The day began with an early morning drive to the Buffalo River area. My plan was to get an early start on the 11-mile out-and-back hike to Hemmed in Hollow from the Centerpoint Trailhead. Hiker-dog couldn’t make this trip as dogs are not allowed on the Hemmed in Hollow Trail.
As I drove toward Ponca, I passed the parking area for the Glory Hole Falls. There wasn’t a single car, so I pulled in and grabbed my camera and tripod, excited to have the place to myself. The last time I was there, it was crowded and the afternoon sun was glaring into the falls.
I had a good time taking pictures for about 45-minutes before hiking back up and out. I passed at least twenty hikers descending toward the falls at 9:30 a.m.
It was 10:30 a.m. before I got to the Centerpoint Trailhead. So much for the early start. I enjoyed spending some time on Goat Bluff and meeting hikers from Missouri, Louisiana, and Northwest Arkansas. One hiker asked about the restrooms down by the river. I told him that was one of the Villines homesites. I think he was surprised. I was thinking how thankful I was that restrooms were not cluttering this beautiful view.
Granny Henderson’s home was a treat to visit again. I noticed the paper telling her story was missing from the front porch where it used to be posted.
Crossing Sneeds Creek in route to Hemmed In Hollow Falls was a pleasure. I made note to be sure and filter water on my hike back out. I’d forgotten just how beautiful the approach to Hemmed In Hollow was. There are several cascades and waterfalls downstream from the main falls. I was beginning to budget my remaining daylight and decided to return to explore this area another, hopefully, overcast day (better for waterfall photos).
When I arrived at Hemmed in Hollows Falls, I set up my tripod and took a couple of shots. A young man approached me and called my name. Turns out it was a former student, Yancy. Running into him in one of the more difficult hiking locations of Arkansas reinforced the “small world” concept. We laughed because the last time we’d met, we were volunteering for the Lee Creek cleanup in Devils’ Den.
Yancy introduced me to his daughters, and we had a nice visit. They took turns posing in front of the falls. I was pleased because this adds a sense of perspective on this 200+foot waterfall. The ribbon of water is visible toward the top of the bluff, but winds cause the stream to spread as it falls.
The hike back up to Centerpoint Trailhead was just as steep as I remembered but not as long. If you get in a hurry, this climb will humble the strongest of hikers. It was a 14-mile day between the Glory Hole Falls and Hemmed in Hollow. A full day of hiking in this great big beautiful (and sometimes small) world.
My post-hike meal was an Elk Burger at the Arkansas House Cafe in Jasper. Taters on the side of course. The waitstaff stayed busy refilling my ice tea.
I had a short conversation with the owner of the Arkansas House. I learned that Gould Jones built a fully functioning water wheel and stone retaining wall in the branch next to the cafe and near the Little Buffalo River. The mill wheel he built is on display in front of the cafe and was originally used to generate electricity as Jasper continued rebuilding efforts a number of years after the Civil War.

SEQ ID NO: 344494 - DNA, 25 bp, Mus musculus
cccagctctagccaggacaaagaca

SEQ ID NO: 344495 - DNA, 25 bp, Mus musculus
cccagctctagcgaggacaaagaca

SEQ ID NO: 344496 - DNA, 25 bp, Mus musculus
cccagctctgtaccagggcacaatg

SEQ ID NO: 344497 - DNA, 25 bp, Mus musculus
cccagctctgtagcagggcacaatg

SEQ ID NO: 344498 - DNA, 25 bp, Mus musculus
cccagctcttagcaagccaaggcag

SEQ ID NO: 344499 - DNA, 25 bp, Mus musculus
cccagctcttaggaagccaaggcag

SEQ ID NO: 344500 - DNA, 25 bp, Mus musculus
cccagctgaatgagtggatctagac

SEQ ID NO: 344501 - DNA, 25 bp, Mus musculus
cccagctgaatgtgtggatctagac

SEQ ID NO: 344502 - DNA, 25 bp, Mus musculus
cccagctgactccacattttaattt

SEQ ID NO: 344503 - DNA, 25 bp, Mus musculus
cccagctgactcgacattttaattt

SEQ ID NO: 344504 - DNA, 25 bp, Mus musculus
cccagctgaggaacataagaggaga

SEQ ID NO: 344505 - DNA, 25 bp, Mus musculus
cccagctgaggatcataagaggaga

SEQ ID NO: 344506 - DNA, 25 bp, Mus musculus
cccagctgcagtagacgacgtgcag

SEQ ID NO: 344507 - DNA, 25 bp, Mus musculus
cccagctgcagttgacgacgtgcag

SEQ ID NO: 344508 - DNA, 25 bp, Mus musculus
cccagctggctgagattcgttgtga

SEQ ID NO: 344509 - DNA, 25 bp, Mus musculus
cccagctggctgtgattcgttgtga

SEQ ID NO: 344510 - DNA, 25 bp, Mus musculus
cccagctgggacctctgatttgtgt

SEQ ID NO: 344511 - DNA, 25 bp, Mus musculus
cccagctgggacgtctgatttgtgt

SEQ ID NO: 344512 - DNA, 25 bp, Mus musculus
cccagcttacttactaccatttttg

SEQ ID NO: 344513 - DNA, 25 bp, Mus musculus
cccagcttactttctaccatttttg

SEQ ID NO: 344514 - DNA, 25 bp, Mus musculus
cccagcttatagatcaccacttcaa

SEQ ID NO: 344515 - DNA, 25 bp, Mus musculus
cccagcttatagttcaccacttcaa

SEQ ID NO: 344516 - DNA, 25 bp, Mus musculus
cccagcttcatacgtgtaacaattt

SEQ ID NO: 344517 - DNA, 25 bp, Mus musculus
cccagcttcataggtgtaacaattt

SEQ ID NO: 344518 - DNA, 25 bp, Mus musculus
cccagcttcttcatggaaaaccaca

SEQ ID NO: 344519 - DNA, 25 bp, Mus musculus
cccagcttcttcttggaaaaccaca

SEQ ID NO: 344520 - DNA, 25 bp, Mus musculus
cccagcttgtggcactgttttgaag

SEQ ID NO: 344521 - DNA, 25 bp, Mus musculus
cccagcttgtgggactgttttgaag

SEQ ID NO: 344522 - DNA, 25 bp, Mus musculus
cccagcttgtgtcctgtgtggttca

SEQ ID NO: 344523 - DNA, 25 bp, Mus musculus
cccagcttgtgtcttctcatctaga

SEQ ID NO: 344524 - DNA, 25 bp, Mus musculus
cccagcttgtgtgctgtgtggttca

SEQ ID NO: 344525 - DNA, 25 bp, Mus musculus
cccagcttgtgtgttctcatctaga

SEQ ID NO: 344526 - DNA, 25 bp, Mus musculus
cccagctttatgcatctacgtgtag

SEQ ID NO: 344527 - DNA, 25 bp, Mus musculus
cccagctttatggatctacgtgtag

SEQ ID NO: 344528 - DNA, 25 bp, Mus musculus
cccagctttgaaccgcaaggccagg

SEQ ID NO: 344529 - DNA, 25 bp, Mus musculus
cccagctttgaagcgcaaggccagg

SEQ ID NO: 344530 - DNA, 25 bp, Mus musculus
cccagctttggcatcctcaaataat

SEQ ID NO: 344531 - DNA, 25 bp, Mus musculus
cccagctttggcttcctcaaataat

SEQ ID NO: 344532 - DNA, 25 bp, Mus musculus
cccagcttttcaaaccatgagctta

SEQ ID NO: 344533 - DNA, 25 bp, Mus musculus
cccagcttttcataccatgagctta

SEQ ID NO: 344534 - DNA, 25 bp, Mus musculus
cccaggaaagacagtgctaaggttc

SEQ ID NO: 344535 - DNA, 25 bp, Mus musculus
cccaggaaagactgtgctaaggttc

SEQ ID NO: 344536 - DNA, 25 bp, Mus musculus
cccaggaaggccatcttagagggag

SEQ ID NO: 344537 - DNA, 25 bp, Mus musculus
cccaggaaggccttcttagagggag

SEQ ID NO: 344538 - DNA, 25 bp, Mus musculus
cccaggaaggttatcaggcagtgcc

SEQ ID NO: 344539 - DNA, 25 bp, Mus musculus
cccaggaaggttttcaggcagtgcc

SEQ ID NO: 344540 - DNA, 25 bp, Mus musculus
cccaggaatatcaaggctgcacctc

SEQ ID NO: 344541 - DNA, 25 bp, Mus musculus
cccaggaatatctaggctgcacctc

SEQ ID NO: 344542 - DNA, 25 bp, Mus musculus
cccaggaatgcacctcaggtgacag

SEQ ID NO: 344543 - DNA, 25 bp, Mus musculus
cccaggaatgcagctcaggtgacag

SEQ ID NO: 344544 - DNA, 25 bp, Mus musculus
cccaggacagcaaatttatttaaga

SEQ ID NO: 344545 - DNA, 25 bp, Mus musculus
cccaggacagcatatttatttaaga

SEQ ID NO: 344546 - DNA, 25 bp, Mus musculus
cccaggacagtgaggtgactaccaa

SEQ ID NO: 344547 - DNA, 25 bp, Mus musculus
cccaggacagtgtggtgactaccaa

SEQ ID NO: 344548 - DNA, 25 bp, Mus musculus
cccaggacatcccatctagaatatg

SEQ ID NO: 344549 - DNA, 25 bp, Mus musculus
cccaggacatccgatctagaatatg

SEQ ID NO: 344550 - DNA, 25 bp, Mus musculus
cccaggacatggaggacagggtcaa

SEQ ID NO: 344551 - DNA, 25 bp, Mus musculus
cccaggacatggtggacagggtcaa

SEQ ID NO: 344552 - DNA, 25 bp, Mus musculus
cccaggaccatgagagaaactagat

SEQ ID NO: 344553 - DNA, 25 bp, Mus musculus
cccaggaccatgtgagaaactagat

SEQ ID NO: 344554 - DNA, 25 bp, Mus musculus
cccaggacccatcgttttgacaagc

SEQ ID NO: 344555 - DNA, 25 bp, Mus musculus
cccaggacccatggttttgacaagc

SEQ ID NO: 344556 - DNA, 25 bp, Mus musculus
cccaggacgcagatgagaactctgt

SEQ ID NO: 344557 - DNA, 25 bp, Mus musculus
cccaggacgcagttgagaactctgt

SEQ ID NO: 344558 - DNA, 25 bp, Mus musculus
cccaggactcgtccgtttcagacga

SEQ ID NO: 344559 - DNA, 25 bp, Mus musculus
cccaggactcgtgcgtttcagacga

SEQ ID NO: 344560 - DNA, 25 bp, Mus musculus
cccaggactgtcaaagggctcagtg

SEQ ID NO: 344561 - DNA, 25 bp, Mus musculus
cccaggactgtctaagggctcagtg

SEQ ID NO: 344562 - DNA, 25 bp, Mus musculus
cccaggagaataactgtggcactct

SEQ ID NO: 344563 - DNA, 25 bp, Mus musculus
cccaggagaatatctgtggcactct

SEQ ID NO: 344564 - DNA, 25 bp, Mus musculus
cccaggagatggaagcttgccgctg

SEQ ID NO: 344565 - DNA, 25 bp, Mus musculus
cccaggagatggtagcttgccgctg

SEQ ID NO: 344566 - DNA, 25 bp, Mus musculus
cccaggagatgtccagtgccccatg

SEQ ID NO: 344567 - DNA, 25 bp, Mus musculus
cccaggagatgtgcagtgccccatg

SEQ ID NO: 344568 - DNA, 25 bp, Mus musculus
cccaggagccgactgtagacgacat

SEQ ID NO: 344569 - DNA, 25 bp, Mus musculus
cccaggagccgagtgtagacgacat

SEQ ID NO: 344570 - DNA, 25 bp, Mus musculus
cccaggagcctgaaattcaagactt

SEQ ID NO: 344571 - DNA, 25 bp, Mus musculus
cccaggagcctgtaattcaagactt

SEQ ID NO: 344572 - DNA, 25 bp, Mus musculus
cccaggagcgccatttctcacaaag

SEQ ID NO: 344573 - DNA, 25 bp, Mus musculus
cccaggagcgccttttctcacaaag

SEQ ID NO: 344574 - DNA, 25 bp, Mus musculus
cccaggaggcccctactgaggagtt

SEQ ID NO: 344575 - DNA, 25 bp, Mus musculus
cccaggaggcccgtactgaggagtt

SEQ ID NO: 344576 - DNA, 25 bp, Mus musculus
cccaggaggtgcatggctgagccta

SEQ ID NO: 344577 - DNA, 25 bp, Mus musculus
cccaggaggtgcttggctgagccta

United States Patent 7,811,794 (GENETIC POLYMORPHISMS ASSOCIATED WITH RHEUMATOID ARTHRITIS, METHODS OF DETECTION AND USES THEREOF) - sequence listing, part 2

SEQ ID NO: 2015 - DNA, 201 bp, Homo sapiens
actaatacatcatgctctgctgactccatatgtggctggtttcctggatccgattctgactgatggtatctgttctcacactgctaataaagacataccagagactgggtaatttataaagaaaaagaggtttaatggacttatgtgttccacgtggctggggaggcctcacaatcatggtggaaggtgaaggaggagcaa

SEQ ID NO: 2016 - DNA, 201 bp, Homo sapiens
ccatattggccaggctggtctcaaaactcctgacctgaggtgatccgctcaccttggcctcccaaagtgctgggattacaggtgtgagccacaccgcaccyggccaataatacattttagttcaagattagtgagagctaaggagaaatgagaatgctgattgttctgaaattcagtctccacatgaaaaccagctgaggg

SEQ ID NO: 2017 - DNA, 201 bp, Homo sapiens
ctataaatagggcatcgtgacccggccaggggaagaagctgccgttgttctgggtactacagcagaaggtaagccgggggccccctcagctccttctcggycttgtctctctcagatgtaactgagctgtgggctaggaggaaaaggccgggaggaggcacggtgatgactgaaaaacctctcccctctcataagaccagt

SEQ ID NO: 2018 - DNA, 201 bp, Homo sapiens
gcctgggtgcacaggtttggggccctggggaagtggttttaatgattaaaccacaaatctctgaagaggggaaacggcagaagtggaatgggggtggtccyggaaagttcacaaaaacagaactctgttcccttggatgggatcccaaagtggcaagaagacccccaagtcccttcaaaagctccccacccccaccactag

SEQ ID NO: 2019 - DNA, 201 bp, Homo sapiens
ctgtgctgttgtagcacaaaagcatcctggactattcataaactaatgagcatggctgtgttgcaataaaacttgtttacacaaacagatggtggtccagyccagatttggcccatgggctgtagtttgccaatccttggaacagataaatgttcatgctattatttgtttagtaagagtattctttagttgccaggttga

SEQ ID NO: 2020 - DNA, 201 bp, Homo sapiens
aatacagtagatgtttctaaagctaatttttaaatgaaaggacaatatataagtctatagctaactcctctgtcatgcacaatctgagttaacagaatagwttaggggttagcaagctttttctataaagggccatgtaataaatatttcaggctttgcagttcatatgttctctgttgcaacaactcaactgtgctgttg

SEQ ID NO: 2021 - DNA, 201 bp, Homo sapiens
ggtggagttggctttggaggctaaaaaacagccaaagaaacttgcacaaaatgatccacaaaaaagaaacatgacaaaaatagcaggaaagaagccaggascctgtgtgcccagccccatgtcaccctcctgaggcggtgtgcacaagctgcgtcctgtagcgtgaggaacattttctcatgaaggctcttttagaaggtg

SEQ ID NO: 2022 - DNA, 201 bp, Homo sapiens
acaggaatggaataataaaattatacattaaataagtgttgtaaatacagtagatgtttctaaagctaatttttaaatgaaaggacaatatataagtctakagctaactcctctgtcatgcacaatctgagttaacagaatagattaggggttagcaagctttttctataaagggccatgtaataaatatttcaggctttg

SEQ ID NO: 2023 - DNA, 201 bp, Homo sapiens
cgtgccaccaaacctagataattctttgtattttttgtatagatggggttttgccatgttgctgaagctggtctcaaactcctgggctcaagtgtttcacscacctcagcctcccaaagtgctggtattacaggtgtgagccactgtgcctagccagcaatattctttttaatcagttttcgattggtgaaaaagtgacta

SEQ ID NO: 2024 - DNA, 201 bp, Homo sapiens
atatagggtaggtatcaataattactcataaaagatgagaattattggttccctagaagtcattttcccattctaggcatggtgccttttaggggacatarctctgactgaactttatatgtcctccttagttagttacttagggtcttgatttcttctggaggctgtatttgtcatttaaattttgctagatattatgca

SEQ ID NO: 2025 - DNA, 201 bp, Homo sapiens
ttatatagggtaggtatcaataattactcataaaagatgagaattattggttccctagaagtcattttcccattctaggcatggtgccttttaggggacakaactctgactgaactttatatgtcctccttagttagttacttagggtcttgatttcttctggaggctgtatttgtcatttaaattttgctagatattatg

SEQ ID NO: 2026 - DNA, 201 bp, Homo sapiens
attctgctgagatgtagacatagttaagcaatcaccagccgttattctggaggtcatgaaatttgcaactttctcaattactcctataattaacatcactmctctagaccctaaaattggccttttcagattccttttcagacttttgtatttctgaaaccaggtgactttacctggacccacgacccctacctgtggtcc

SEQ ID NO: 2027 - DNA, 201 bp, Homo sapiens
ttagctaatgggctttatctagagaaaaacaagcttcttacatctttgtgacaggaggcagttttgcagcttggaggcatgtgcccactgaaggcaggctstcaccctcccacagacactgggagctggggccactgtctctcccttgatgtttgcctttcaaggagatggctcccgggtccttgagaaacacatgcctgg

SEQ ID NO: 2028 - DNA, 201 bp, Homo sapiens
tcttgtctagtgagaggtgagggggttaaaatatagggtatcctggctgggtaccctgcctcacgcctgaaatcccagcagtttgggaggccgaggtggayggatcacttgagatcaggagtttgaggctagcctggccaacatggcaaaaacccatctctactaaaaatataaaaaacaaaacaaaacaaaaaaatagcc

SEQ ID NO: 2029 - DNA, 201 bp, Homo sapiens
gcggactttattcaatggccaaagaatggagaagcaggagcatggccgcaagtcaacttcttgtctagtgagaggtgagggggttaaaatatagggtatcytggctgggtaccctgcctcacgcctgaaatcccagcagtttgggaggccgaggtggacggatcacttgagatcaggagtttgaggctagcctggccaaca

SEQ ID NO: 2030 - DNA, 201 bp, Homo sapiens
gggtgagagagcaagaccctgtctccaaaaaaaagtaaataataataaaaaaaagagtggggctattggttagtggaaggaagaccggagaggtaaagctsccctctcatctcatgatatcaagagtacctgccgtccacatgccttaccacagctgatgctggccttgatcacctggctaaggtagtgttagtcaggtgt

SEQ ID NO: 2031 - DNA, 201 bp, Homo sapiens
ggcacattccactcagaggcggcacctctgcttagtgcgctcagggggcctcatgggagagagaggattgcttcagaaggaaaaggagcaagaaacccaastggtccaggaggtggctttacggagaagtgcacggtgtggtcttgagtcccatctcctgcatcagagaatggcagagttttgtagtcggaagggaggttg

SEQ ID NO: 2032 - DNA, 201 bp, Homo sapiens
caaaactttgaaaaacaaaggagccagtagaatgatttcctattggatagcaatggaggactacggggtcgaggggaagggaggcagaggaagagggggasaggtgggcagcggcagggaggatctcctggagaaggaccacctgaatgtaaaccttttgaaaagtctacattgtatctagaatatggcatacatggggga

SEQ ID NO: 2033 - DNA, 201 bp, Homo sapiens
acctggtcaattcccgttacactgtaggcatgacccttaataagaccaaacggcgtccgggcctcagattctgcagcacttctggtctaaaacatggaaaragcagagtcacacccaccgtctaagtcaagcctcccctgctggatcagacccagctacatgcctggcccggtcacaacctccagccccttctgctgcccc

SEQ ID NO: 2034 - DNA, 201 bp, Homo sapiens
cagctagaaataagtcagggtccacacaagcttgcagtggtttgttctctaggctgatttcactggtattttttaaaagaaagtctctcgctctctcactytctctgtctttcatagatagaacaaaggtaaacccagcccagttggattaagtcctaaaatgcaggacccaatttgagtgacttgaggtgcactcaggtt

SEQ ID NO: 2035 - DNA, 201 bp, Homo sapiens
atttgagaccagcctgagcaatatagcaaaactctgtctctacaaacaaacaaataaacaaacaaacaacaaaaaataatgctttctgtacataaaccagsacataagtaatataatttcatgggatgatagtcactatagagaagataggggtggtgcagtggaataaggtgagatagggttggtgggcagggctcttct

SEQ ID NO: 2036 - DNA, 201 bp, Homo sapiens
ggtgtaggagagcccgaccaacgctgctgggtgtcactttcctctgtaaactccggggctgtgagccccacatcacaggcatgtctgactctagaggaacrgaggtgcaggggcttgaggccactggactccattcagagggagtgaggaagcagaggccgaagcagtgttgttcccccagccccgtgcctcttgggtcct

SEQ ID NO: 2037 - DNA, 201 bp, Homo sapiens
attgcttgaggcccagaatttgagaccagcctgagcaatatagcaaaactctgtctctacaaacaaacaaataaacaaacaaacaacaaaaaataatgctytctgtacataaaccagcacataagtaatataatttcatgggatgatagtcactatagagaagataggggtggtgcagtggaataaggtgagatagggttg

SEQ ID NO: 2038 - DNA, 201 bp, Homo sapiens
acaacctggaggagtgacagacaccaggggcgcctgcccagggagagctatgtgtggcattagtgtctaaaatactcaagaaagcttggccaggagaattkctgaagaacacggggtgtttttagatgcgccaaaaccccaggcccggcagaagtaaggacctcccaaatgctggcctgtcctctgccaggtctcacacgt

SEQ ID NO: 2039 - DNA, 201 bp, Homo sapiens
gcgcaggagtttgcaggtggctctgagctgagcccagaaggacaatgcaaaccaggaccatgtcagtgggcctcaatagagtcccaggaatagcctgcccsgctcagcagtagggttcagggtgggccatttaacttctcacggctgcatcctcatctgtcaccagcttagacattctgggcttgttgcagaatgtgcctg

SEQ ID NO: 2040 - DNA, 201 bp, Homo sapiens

During our visit, I also learned about a new trail that was recently developed by the Nature Conservancy. I look forward to exploring that trail on my next trip to the area.
Hiked Hemmed in Hollow one New Year’s day, did not get an early enough start so the the hike out was faster then we would have liked, but darkness was fast approaching. We often wonder about the group we met on the trail that were headed to the falls, wonder if they gave up or had flash lights. Glad we got to do it as it was beautiful.
As always, utterly delightful
I’m going to assume, based on footwear, that Yancy came in from the river and didn’t do the full hike 🙂
Is the Nature Conservancy Trail the one in the Smith Creek area? They have several new-ish trails over there, only one of which we’ve done. It was a short hike, but like many hikes in Arkansas, climbing back out of the canyon was no picnic.
Yes, the new trail is Smith Creek. I’m looking forward to it. Thanks for reading!
As a child I lived many years (the early 60s) between St. Joe and the Maumee Store which likely no longer exists. My step-dad farmed along the Buffalo. Don’t remember many more details. Thank you for your blogs.
Thank you for your beautiful photos of the trail and particularly the waterfalls. Some day I hope to be an early morning hiker as well. Your pictures and description of the trail keep my dreams alive and make it seem more possible in spite of my current responsibilities. I had a lot of fun telling my hiking friend about the drive to hike ratio…we live five hours apart, meet up and hike whenever we can. Thanks again for those lovely early morning shots!
Good to hear from you and thank you for the kind words. We fortunate to have so many beautiful water features in the Ozarks.
Great post ! I’ve visited the area a couple times, and will again here in 2 weeks, and still didn’t know of a couple things in the area (the old house etc..) Thanks for the great write up, now I have more things to see when I visit. 🙂
Hope you have a great trip. Thanks for reading!